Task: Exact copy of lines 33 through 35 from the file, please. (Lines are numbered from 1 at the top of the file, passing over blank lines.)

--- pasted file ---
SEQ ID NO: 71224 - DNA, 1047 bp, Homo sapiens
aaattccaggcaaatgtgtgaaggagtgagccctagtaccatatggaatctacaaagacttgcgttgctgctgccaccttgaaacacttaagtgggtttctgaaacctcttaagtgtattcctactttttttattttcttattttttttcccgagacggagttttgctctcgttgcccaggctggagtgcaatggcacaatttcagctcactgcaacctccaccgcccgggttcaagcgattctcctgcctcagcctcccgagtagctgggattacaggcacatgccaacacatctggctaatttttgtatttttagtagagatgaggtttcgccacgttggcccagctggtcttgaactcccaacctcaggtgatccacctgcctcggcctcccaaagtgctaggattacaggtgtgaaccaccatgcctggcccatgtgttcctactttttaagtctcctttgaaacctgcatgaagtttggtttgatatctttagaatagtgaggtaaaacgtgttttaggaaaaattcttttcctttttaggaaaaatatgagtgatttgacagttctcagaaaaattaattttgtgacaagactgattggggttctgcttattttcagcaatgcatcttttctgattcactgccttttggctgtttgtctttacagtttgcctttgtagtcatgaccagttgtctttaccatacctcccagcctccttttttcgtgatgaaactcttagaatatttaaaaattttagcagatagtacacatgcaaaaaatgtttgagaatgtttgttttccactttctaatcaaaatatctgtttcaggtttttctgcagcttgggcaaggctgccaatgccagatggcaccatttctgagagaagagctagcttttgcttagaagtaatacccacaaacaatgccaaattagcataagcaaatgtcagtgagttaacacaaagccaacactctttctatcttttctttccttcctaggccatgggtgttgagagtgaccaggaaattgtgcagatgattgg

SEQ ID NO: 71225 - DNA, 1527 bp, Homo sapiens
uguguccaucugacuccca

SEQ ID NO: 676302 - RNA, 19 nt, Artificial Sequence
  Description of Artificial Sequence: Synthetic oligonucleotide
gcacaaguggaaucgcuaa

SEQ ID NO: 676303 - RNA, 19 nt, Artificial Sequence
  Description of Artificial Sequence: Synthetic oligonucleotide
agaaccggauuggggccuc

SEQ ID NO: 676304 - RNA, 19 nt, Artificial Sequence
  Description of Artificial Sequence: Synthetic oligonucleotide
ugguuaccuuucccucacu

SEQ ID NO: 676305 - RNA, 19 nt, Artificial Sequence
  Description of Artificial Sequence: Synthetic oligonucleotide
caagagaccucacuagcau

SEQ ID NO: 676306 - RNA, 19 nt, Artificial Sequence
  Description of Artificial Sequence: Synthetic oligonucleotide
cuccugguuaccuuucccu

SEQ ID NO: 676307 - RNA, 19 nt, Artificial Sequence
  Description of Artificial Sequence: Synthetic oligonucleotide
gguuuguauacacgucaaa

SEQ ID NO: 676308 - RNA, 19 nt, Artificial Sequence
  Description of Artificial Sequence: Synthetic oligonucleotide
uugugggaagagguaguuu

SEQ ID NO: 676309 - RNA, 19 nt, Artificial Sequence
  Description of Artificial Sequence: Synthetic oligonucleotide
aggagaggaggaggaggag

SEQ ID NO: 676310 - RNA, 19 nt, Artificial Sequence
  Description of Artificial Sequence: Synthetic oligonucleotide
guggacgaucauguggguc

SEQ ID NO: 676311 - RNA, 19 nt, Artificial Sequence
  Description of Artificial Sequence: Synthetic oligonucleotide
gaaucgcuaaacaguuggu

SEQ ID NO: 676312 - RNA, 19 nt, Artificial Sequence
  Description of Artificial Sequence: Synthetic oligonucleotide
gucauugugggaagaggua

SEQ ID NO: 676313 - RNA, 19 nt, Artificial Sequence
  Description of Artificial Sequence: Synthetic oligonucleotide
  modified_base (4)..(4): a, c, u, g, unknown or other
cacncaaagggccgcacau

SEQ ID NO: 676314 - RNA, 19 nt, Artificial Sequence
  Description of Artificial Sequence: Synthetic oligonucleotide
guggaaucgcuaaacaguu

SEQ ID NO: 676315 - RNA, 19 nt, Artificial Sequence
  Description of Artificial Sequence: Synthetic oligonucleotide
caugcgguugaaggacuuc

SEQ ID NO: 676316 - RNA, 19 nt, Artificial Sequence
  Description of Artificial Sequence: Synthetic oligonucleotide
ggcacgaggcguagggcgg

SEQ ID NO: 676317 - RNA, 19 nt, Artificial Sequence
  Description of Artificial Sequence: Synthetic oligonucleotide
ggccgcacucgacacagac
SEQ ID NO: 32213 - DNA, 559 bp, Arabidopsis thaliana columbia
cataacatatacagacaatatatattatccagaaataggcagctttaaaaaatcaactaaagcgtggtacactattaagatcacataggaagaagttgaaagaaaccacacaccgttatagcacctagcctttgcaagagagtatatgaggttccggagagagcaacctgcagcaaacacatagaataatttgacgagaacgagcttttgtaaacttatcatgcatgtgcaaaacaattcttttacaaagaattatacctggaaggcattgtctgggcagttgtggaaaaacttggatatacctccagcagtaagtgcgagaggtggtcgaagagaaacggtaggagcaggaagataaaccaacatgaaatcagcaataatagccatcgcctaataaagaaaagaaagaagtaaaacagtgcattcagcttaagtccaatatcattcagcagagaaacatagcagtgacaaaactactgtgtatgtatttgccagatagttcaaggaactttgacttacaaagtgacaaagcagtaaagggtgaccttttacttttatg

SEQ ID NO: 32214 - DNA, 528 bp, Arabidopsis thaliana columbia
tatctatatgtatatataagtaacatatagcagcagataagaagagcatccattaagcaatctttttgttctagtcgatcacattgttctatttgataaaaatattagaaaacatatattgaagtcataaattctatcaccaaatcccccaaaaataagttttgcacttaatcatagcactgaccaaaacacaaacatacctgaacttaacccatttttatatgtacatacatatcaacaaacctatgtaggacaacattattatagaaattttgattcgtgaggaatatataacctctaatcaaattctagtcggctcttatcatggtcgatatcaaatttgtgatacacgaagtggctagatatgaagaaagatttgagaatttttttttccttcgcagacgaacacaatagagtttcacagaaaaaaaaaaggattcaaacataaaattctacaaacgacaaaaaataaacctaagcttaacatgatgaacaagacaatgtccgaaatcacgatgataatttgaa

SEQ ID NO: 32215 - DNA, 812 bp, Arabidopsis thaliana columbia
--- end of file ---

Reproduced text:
  Description of Artificial Sequence: Synthetic oligonucleotide
gaaucgcuaaacaguuggu

SEQ ID NO: 676312 - RNA, 19 nt, Artificial Sequence